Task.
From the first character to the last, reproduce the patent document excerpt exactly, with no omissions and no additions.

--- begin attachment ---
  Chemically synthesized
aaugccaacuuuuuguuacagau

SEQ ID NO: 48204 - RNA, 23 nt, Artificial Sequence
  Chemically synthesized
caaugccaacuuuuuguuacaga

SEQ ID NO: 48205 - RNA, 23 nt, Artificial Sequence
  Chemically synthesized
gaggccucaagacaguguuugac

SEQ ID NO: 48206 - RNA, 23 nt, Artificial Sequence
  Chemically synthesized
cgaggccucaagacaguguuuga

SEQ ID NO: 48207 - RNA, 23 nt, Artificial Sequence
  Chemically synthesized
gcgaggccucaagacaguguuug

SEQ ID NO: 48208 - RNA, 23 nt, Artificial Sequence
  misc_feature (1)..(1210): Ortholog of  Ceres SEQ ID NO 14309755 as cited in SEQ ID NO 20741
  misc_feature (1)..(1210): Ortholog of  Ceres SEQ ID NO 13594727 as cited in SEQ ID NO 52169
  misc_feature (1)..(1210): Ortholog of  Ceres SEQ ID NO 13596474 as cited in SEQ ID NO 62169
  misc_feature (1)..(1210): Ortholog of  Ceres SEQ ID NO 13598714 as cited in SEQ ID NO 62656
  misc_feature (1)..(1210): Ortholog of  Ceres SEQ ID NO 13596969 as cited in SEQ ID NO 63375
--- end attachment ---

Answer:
  Chemically synthesized
aaugccaacuuuuuguuacagau

SEQ ID NO: 48204 - RNA, 23 nt, Artificial Sequence
  Chemically synthesized
caaugccaacuuuuuguuacaga

SEQ ID NO: 48205 - RNA, 23 nt, Artificial Sequence
  Chemically synthesized
gaggccucaagacaguguuugac

SEQ ID NO: 48206 - RNA, 23 nt, Artificial Sequence
  Chemically synthesized
cgaggccucaagacaguguuuga

SEQ ID NO: 48207 - RNA, 23 nt, Artificial Sequence
  Chemically synthesized
gcgaggccucaagacaguguuug

SEQ ID NO: 48208 - RNA, 23 nt, Artificial Sequence
  misc_feature (1)..(1210): Ortholog of  Ceres SEQ ID NO 14309755 as cited in SEQ ID NO 20741
  misc_feature (1)..(1210): Ortholog of  Ceres SEQ ID NO 13594727 as cited in SEQ ID NO 52169
  misc_feature (1)..(1210): Ortholog of  Ceres SEQ ID NO 13596474 as cited in SEQ ID NO 62169
  misc_feature (1)..(1210): Ortholog of  Ceres SEQ ID NO 13598714 as cited in SEQ ID NO 62656
  misc_feature (1)..(1210): Ortholog of  Ceres SEQ ID NO 13596969 as cited in SEQ ID NO 63375